Friends of ResiShares -
So apparently, superstar cities are actually NOT dead, according to data recently published by the US postal service. Here is the Wall Street Journal take:
This data set was a good find by the Journal. The more longstanding friends of ResiShares may remember we referenced it in a note this past December (“Window Shopping”), that mentioned how few people actually leave their hometown in any given year. Our point in sharing it was that migration that drives real estate pricing is dependent on slow, compounding marginal trends.
Indeed, the gravitational pull of friends, family, and familiarity is incredibly strong for most would-be movers. Of course, if gravity is the right analogy, it works in both directions. That is, migration happens gradually, then suddenly, just like a space rock accelerating towards a black hole. A hot spot slowly becomes acceptable, and then more rapidly becomes inevitable after accumulating a critical mass of social network linkage to a source geography. Quantifying and predicting this dynamic is our day job here at ResiShares.
Apparently, those brainy folks at Harvard have done some work on the subject as well (hat tip to Friend of ResiShares Marvin Chang for catching this).
Migration from superstar cities does transform home affordability dynamics in destination cities, but it does so in a manner and at a speed dependent on the migration patterns of entire social, economic, and cultural groupings.
This social network effect can be taken quite literally. This article below maps Facebook friendships by county. It is two years old, but if he were to hover his mouse over New York or San Francisco, the author of the Harvard paper would not be too surprised with the result.
This is why all the VC tweets debating the death of Silicon Valley or the opportunity they see in Miami are laughably premature. It doesn’t matter for the real estate market if Elon Musk, who mostly lives on an airplane, moves his “residence” to Texas. It only matters if thousands of families per year decide to follow him.
Incidentally, it appears some of these footloose tech investors are starting to lose patience with that pace of change, which plays out far more slowly than the average SPAC deal.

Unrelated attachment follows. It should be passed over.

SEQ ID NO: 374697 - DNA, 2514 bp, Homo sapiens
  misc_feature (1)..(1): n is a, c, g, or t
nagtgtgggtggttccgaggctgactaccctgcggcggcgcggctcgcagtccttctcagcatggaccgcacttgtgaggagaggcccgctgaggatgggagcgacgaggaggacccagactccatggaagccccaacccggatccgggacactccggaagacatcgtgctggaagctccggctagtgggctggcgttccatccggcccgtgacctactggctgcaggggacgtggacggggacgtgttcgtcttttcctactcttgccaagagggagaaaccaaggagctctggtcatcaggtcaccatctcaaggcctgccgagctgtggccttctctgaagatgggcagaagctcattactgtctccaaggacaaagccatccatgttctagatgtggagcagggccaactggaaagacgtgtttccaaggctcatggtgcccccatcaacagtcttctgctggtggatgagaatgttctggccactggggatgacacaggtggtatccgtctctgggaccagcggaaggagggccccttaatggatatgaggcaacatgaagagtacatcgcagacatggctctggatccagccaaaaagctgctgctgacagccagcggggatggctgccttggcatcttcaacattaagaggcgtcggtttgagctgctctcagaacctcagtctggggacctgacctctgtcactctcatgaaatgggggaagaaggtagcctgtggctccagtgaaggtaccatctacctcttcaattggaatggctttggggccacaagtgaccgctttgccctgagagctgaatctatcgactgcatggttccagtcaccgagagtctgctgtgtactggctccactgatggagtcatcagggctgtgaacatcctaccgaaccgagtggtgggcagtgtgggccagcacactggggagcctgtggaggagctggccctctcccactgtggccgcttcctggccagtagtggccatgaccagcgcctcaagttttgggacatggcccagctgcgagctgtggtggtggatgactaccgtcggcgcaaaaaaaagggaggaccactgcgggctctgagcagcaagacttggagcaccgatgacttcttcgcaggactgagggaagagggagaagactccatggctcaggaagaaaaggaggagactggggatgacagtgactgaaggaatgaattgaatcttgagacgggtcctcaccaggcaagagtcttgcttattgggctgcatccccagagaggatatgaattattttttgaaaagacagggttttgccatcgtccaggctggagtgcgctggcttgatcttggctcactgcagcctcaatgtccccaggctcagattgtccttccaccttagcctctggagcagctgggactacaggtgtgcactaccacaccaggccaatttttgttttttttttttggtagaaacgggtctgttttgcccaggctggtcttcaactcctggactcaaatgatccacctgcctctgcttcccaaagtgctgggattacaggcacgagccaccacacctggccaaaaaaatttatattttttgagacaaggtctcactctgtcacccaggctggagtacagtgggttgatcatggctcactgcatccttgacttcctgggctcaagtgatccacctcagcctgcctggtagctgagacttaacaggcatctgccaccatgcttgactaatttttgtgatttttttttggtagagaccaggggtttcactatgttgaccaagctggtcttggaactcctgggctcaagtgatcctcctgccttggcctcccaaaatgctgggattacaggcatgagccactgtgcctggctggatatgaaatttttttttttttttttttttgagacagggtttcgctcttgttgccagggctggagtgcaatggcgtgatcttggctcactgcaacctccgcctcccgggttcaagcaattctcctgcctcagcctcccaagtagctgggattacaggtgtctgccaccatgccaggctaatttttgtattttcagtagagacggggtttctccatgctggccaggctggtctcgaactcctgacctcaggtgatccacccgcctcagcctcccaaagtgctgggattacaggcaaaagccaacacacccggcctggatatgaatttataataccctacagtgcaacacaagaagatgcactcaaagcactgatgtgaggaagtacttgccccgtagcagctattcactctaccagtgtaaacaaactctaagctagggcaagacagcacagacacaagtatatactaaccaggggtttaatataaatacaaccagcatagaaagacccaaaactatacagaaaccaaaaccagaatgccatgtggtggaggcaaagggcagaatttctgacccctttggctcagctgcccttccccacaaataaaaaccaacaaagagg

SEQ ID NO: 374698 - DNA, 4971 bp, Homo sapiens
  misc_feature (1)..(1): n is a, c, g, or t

The Rest of Resi
https://www.politico.com/states/california/story/2021/03/08/soaring-home-prices-are-starting-to-alarm-policymakers-1367423 - Policy is coming. This is always the unpredictable part of real estate. It doesn’t sound like policy makers have any particular idea of what direction to take, but when Politico is covering home prices, it is pretty clear that this is going to be increasingly part of the national conversation.
https://amp.scmp.com/business/china-business/article/3124630/chinas-runaway-house-prices-may-ease-centralised-land-sale - Speaking of policy, here is one in China. This is what Paul Krugman or the South Park kids might refer to as “Underpants Gnomes Economics” (Google it).
What exactly changes in a market when you auction off the same amount of the same thing to the same bidders, just on a different schedule? Do they not realize that there is an entire financial services industry whose sole purpose is to match businesses’ cash flows with the timing of their cash needs?
https://www.newsnationnow.com/us-news/bye-bismarck-144-cities-could-lose-status-as-metro-areas/ - Here are some cities that don’t appear to be part of the superstar city expat social network.
https://www-wsj-com.cdn.ampproject.org/c/s/www.wsj.com/amp/articles/paying-rent-during-covid-landlords-11614201531 - Eviction bans explained for mom and pop landlords
https://mises.org/power-market/americans-have-much-more-living-space-europeans - Americans have big houses. Is this a function of our distorted housing policies or are our distorted housing policies a function of our cultural preference for big houses? The answer to that question has big implications on the next decade of housing policy and housing costs.